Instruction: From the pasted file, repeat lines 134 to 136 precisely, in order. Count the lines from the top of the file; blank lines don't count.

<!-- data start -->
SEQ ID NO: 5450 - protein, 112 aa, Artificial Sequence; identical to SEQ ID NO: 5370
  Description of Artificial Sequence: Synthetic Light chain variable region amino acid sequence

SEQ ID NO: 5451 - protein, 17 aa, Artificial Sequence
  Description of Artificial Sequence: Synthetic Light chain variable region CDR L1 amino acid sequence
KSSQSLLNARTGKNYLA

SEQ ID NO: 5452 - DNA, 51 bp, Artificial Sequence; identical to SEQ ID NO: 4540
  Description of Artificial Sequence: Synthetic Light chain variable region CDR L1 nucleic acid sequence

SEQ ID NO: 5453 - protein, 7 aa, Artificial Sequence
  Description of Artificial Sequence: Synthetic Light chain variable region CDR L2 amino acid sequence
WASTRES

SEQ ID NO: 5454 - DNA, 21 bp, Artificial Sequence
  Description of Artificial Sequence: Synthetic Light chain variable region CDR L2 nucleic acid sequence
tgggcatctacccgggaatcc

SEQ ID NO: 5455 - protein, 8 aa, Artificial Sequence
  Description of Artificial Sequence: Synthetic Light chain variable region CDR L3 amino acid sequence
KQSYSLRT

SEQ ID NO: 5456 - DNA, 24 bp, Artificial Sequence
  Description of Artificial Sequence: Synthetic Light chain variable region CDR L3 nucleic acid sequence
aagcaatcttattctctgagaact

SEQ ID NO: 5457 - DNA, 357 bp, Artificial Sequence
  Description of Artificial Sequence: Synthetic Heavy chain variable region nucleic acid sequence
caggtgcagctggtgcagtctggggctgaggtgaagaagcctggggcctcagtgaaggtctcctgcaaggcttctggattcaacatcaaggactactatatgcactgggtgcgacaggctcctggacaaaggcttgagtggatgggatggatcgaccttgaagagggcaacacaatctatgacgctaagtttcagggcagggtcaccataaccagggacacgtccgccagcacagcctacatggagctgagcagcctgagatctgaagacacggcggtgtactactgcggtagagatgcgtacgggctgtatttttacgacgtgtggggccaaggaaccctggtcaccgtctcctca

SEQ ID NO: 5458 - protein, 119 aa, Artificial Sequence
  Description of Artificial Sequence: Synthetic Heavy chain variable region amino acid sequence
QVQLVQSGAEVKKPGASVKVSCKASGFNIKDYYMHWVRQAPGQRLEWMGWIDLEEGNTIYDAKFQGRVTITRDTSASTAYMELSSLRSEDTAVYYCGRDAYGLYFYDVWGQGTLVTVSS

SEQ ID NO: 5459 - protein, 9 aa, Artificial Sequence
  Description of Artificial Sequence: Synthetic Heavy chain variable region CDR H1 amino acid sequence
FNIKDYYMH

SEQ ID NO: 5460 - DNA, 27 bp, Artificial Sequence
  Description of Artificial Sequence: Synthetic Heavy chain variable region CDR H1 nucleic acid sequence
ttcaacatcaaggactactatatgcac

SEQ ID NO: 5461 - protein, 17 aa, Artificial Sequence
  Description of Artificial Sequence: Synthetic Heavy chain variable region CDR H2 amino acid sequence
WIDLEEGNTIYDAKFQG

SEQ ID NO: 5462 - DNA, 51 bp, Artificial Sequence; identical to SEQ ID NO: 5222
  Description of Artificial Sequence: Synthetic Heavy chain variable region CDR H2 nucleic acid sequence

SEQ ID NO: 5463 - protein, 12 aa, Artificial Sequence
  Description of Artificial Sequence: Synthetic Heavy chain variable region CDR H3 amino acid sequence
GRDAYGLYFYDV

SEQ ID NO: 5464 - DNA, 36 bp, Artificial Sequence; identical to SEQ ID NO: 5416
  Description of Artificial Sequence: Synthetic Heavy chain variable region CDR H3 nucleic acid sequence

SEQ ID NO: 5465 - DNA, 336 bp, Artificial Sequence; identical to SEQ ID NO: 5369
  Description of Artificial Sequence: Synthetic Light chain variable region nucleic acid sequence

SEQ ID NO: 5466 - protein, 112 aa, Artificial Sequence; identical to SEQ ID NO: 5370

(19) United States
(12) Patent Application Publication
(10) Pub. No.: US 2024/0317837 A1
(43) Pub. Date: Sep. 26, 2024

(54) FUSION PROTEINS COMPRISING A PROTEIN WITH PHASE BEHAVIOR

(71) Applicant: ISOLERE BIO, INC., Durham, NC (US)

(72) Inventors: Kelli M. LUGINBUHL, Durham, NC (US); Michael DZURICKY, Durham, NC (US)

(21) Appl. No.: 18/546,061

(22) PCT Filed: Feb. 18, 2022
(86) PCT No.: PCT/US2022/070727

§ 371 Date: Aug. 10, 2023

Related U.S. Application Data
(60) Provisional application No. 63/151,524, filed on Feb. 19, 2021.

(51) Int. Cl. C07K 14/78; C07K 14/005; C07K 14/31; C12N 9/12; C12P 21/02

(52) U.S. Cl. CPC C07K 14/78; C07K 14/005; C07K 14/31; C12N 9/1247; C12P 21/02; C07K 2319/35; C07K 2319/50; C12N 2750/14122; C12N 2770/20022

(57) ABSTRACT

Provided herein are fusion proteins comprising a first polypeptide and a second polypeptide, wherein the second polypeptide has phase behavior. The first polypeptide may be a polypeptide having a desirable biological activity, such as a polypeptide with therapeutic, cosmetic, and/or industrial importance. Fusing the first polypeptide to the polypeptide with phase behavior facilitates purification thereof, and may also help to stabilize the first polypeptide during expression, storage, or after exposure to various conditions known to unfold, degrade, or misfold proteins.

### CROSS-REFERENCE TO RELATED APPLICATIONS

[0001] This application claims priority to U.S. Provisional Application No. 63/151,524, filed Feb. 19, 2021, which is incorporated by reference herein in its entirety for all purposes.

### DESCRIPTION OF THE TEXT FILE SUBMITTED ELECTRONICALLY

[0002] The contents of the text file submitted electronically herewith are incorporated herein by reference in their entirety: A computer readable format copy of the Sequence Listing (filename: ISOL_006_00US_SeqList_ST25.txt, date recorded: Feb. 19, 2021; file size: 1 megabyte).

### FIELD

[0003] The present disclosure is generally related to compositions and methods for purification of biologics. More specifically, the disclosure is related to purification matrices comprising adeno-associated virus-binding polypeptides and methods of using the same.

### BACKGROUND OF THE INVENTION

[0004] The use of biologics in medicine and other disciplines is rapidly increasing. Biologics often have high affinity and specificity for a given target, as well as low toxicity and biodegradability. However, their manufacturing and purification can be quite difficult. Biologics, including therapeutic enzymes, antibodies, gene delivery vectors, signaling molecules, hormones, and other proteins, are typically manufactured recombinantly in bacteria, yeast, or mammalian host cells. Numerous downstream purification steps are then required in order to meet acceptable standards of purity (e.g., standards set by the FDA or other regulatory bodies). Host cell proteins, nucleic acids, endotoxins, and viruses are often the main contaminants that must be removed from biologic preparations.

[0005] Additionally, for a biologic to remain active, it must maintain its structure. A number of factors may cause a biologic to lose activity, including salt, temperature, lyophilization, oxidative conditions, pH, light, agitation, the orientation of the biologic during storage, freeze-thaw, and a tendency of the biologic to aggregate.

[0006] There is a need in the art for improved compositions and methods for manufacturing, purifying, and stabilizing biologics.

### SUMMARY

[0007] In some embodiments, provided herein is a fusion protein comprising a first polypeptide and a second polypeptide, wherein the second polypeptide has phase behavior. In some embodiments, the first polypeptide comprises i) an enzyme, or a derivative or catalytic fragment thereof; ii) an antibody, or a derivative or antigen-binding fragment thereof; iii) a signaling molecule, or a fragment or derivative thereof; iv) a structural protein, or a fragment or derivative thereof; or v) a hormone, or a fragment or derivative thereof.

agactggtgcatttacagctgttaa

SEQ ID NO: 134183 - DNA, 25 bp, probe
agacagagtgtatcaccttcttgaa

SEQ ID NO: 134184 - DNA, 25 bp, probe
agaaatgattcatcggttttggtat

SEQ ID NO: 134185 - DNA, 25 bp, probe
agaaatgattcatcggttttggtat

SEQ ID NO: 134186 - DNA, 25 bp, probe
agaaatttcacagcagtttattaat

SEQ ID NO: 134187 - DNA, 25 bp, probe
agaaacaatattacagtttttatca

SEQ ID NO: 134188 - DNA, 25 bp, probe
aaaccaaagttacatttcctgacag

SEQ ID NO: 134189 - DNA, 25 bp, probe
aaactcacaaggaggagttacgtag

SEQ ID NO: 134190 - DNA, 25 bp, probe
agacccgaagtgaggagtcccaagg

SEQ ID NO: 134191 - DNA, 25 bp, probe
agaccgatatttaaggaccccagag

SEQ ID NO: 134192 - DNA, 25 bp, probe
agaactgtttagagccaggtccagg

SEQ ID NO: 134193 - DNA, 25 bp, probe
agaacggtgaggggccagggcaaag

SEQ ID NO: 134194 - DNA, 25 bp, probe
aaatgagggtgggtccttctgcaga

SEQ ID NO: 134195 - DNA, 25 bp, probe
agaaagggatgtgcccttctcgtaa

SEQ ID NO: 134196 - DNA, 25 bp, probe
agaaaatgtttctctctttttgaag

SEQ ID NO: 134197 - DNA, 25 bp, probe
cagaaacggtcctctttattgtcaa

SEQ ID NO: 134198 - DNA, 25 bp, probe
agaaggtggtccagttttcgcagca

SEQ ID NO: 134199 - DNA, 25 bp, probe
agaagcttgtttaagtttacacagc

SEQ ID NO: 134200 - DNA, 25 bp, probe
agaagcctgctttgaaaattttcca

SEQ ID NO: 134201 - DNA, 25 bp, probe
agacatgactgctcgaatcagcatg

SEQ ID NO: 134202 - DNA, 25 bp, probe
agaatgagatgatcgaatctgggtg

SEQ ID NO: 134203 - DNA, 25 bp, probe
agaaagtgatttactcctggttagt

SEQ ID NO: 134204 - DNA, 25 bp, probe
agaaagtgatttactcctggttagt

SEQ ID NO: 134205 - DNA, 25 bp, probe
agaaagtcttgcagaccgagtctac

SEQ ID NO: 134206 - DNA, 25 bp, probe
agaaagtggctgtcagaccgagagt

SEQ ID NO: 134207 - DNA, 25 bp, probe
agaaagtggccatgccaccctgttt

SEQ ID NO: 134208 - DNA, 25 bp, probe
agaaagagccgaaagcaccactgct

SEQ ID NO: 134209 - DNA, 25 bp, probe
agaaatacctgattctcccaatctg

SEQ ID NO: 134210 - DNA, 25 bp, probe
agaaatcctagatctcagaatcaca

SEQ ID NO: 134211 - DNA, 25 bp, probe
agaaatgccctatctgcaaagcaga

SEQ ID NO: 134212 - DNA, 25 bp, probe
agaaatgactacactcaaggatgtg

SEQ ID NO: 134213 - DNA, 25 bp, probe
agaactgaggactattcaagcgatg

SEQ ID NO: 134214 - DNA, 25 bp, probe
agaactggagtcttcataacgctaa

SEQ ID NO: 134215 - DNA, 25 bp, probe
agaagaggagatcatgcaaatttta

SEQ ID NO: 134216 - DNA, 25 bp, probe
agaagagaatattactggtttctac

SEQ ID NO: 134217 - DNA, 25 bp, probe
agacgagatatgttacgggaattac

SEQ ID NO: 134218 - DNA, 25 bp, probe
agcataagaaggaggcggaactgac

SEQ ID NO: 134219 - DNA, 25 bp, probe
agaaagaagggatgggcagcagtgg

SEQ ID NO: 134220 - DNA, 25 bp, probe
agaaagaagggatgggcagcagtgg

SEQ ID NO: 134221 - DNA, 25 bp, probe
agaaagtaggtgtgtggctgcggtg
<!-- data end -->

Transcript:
agaaatgactacactcaaggatgtg

SEQ ID NO: 134213 - DNA, 25 bp, probe
agaactgaggactattcaagcgatg